However, the president’s selection — which he plans to announce on July 9 — is no doubt going to endure the kind of public scrutiny not seen since, oh, Robert Bork was defeated in 1987.

The symmetry of that fact also is fascinating.

The U.S. Senate rejected Bork’s nomination; then Douglas Ginsburg pulled out after admitting to smoking weed while in college. President Reagan’s third pick for the court? Anthony Kennedy.

Well stated, Mr. Chief Justice


How about that John Roberts?

The chief justice of the U.S. Supreme Court has rebuked the U.S. Senate — here it comes — for playing politics with the appointment of the next justice on the nation’s highest court.

Chief Justice Roberts did not know he was doing so when he made the remarks, as they came just a few days before the shocking and tragic death of Justice Antonin Scalia.

He noted the partisan nature of the votes for recent appointees to the court. According to the New York Times: “Look at my more recent colleagues, all extremely well qualified for the court,” Chief Justice Roberts said, “and the votes were, I think, strictly on party lines for the last three of them, or close to it, and that doesn’t make any sense. That suggests to me that the process is being used for something other than ensuring the qualifications of the nominees.”

The court, of course, has a vacancy to fill. President Obama has selected D.C. Circuit Court Chief Judge Merrick Garland to fill the seat. Senate Republicans say they want the next president to make the call, denying the current president the opportunity to fulfill his constitutional responsibility.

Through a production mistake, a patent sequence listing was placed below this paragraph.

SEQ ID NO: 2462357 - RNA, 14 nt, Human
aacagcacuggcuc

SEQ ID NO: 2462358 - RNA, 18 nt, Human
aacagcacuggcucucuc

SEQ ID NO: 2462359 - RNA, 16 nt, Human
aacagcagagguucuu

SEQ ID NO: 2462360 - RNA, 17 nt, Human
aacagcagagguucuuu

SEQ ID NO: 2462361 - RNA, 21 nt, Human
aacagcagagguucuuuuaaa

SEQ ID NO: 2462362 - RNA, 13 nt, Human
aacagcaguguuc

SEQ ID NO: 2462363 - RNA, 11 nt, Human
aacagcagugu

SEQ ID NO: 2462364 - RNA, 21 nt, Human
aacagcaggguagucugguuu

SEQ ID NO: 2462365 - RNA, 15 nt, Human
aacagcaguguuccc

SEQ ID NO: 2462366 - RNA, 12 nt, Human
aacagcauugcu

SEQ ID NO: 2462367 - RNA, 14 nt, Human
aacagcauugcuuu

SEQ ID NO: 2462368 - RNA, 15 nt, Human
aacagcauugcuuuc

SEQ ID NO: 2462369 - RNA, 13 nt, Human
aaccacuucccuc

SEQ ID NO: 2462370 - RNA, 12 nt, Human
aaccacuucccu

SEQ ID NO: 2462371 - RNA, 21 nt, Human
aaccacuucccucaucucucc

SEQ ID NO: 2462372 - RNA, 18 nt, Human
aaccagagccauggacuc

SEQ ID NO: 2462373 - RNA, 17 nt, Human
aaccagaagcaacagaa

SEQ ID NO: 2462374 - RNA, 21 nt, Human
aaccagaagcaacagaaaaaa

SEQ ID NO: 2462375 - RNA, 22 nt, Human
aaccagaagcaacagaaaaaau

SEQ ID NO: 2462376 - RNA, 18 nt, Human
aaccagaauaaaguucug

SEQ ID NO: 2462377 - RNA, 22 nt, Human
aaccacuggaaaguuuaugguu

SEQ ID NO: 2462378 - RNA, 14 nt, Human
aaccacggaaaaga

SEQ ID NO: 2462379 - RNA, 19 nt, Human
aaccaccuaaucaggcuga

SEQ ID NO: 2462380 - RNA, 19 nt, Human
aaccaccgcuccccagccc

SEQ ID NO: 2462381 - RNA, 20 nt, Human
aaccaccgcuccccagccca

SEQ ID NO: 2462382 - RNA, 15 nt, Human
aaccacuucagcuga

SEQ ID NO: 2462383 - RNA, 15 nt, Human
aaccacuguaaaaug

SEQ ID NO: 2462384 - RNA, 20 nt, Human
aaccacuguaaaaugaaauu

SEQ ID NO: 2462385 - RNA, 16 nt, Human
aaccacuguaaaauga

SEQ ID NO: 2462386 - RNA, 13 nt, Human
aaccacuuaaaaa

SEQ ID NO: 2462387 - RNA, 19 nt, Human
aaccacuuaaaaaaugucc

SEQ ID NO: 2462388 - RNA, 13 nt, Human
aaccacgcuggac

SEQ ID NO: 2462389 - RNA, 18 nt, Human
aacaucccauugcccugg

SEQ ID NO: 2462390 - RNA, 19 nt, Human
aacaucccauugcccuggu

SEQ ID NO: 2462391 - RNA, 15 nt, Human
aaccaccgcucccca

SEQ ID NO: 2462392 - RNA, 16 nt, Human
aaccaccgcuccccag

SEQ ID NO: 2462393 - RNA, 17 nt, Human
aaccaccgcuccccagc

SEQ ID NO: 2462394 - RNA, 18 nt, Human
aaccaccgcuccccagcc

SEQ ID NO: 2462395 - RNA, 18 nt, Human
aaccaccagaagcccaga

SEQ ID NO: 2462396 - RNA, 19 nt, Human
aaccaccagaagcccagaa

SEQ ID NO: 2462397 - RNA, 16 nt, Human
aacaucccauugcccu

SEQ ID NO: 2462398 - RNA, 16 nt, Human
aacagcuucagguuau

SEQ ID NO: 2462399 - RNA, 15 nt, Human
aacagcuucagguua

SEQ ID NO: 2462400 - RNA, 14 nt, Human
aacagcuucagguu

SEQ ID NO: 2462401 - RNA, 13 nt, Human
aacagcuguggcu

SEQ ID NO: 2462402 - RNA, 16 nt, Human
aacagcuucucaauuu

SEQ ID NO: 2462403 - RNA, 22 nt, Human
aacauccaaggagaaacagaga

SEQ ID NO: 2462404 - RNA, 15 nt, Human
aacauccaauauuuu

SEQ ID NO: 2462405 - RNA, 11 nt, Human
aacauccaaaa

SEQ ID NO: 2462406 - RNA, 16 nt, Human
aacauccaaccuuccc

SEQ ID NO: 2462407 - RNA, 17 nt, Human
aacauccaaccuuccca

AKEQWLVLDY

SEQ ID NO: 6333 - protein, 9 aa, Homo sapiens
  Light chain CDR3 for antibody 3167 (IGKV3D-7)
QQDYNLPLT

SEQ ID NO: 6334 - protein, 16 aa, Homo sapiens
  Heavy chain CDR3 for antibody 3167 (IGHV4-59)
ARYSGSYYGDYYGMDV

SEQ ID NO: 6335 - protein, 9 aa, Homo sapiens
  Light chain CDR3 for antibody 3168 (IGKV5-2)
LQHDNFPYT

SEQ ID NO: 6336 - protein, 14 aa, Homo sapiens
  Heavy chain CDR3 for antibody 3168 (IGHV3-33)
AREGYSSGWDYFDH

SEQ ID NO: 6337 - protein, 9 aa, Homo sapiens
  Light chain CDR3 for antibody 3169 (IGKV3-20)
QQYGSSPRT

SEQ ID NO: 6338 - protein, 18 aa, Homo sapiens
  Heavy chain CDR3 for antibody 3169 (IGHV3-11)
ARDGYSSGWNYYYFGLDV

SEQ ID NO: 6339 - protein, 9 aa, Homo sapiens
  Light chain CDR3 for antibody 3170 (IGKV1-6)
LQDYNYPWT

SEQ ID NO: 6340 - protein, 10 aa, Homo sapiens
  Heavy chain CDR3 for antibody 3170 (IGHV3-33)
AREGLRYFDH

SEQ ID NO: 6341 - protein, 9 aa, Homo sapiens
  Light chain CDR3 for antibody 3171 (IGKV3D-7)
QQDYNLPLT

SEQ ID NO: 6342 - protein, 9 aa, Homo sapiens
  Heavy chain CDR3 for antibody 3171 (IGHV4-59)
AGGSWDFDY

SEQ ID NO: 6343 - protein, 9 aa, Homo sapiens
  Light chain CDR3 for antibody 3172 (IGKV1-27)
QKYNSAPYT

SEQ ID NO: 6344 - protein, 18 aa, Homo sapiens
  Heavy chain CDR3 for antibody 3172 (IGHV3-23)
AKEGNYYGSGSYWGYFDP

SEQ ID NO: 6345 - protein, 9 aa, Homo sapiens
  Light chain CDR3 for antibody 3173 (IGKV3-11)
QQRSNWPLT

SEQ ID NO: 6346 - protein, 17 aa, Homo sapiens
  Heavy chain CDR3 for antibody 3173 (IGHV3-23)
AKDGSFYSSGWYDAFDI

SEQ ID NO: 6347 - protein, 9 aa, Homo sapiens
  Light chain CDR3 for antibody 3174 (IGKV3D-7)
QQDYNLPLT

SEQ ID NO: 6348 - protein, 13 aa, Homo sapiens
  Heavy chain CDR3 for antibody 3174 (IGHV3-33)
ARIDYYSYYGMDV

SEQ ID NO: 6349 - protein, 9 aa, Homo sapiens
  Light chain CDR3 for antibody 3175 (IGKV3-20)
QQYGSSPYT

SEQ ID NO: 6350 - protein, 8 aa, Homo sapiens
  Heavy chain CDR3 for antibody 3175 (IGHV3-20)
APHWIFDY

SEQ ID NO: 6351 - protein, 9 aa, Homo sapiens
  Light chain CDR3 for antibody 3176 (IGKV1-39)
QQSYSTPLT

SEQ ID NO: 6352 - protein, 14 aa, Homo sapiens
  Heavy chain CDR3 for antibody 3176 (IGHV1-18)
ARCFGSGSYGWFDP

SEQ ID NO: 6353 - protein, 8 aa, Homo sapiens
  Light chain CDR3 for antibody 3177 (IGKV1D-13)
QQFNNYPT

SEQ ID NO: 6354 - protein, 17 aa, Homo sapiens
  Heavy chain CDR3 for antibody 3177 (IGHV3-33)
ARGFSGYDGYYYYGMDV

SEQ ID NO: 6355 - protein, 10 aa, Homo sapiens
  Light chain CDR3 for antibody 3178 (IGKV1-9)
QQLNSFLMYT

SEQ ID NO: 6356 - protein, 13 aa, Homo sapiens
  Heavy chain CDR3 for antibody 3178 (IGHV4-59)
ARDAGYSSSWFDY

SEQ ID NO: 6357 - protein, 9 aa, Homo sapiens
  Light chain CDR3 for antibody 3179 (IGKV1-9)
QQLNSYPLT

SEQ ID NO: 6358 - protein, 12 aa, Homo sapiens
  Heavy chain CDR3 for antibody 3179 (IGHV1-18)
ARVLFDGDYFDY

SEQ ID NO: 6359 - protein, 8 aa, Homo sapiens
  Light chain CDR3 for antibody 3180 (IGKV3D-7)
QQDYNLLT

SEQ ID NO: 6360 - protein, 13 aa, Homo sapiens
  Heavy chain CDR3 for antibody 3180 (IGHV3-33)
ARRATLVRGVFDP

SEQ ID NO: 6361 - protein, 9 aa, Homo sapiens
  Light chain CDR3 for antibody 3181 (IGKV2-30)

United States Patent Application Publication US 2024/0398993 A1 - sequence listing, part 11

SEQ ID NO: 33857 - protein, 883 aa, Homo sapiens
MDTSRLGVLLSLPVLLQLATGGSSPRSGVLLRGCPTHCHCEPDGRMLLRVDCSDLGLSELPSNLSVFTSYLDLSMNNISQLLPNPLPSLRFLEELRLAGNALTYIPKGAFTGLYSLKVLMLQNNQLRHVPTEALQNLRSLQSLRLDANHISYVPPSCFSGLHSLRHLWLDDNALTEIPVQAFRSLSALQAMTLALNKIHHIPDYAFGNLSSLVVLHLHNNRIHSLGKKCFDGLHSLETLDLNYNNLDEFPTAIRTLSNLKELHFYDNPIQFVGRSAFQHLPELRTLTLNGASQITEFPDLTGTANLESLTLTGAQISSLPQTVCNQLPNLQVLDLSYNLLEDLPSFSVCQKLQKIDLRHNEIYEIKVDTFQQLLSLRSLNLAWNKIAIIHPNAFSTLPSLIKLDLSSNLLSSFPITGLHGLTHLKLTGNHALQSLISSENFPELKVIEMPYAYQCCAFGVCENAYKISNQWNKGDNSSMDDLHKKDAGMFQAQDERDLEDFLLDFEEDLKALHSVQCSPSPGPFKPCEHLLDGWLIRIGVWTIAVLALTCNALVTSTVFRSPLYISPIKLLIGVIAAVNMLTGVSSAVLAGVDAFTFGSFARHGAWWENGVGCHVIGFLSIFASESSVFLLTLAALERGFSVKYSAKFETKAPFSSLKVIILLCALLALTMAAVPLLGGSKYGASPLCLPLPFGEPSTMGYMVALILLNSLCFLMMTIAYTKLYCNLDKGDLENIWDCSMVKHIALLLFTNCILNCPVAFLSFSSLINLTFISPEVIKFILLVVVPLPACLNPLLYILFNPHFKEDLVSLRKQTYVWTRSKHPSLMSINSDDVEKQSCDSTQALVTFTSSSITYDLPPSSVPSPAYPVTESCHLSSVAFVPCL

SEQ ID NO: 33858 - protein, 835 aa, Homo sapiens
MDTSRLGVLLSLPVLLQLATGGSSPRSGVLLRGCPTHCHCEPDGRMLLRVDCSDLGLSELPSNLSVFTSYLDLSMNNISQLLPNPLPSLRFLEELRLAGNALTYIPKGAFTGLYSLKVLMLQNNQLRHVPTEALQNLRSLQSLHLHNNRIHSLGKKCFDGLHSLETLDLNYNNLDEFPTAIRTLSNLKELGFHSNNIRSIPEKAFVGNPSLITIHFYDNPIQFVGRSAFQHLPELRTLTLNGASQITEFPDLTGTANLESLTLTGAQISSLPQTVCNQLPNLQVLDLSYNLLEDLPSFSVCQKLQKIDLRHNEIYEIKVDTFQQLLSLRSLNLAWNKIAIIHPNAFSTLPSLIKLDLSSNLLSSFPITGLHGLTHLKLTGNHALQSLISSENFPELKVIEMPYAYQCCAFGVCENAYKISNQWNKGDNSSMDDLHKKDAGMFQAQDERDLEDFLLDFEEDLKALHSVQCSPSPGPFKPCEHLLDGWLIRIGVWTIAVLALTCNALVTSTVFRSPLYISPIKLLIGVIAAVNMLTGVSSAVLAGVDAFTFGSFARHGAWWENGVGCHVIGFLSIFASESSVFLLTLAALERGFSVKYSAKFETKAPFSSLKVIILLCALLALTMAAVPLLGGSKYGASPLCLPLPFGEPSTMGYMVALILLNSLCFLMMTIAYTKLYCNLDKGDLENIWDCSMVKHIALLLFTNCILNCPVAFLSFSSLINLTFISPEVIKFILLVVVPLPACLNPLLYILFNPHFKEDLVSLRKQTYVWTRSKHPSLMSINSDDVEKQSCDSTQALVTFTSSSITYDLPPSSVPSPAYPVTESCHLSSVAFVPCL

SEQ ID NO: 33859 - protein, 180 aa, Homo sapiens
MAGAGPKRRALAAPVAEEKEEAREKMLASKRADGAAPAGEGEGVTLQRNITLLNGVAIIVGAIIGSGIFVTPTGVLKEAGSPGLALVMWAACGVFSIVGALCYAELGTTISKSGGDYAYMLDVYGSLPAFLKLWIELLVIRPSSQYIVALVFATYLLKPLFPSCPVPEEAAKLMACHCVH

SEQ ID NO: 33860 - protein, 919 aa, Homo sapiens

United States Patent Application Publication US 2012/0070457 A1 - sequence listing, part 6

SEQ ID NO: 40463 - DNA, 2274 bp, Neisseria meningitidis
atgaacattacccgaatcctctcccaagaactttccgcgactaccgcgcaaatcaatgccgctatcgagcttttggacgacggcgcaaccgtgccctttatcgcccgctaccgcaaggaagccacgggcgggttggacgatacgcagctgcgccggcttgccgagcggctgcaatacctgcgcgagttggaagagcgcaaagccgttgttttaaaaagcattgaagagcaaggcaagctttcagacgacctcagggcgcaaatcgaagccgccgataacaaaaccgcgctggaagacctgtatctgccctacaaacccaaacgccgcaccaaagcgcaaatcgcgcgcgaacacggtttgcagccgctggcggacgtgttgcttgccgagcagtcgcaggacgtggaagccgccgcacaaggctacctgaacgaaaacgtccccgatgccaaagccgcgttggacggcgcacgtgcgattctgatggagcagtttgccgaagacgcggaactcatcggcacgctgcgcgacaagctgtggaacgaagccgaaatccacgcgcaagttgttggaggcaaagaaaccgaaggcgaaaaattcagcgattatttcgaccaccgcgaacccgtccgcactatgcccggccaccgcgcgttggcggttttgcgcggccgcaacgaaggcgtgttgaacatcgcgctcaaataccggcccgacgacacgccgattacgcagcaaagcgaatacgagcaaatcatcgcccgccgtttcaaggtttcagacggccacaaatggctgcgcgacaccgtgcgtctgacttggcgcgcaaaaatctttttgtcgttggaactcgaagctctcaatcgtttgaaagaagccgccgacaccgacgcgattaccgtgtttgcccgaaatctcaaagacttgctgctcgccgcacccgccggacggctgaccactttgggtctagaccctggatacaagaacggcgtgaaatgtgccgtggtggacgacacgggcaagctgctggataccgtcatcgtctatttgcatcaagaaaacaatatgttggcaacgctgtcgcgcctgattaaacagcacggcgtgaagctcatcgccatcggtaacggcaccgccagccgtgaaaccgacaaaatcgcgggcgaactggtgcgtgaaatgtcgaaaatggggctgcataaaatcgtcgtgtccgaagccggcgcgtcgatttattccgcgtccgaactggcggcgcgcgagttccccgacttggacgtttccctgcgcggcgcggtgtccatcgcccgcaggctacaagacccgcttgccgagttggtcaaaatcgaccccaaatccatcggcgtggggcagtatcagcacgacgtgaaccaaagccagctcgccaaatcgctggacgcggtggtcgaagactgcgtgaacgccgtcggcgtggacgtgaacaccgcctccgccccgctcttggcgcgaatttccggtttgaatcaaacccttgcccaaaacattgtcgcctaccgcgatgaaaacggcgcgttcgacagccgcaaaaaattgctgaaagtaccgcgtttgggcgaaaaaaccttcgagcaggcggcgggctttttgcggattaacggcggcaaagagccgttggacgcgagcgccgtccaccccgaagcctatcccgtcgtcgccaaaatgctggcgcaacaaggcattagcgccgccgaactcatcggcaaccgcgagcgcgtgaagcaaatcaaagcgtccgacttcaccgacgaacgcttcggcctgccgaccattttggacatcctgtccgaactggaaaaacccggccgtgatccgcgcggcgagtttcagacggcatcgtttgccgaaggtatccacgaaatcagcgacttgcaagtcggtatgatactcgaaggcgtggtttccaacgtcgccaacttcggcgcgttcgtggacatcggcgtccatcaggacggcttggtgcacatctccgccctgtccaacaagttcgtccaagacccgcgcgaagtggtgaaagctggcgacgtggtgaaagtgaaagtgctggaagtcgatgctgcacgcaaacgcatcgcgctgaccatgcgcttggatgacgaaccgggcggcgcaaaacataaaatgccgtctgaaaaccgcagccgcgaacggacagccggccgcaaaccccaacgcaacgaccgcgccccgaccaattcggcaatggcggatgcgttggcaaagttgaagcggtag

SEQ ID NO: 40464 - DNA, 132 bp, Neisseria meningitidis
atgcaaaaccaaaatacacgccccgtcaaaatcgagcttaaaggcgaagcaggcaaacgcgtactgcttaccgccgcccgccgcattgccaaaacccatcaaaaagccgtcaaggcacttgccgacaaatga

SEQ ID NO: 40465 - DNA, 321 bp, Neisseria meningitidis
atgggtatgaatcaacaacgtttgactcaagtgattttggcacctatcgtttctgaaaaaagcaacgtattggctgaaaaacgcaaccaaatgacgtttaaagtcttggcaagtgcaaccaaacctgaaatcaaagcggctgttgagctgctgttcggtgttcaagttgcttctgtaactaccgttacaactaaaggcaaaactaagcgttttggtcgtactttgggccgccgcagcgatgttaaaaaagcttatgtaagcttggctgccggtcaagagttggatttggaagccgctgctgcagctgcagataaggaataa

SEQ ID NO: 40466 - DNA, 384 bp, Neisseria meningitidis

Chief Justice Roberts, served with Garland, surely must believe his judicial colleague is as “extremely well qualified” as justices Alito, Kagan and Sotomayor — whose confirmations were approved on largely partisan votes.

Roberts is on point with his call to consider these nominations on the merits of the individual’s qualifications.

No one has heard hardly a whimper from anyone questioning whether Merrick Garland is qualified to determine the constitutionality of federal law.

The opposition is being mounted for purely political reasons.

John Roberts says such posturing should stop.

I happen to agree with him.

As the chief said in his remarks preceding Scalia’s death: “We don’t work as Democrats or Republicans and I think it’s a very unfortunate impression the public might get from the confirmation process.”


Will these justices stay away from SOTU?


Do you ever hear something from someone and think, “Damn! I wish I’d have thought of that”?

That happened to me today.

One of my Facebook pals wondered out loud if the only mystery surrounding President Obama’s upcoming State of the Union speech would be whether the three most conservative members of the Supreme Court would stay away, as they have done in recent years.

Justices Clarence Thomas, Samuel Alito and Antonin Scalia all have been absent during Obama’s recent speeches before a joint session of Congress.

I’ve long wondered — as have others –whether it is because they detest the president’s politics so much that they’d rather do something else than sit in front of him while he makes policy statement with which they disagree?

Look, gentlemen, this is the last one of these speeches Barack Obama will give as president of the United States. Surely you can find the time — not to mention the courtesy — to attend this speech along with the rest of your colleagues. Chief Justice John Roberts usually attends, and he’s in the conservative camp right along with the three no-show justices.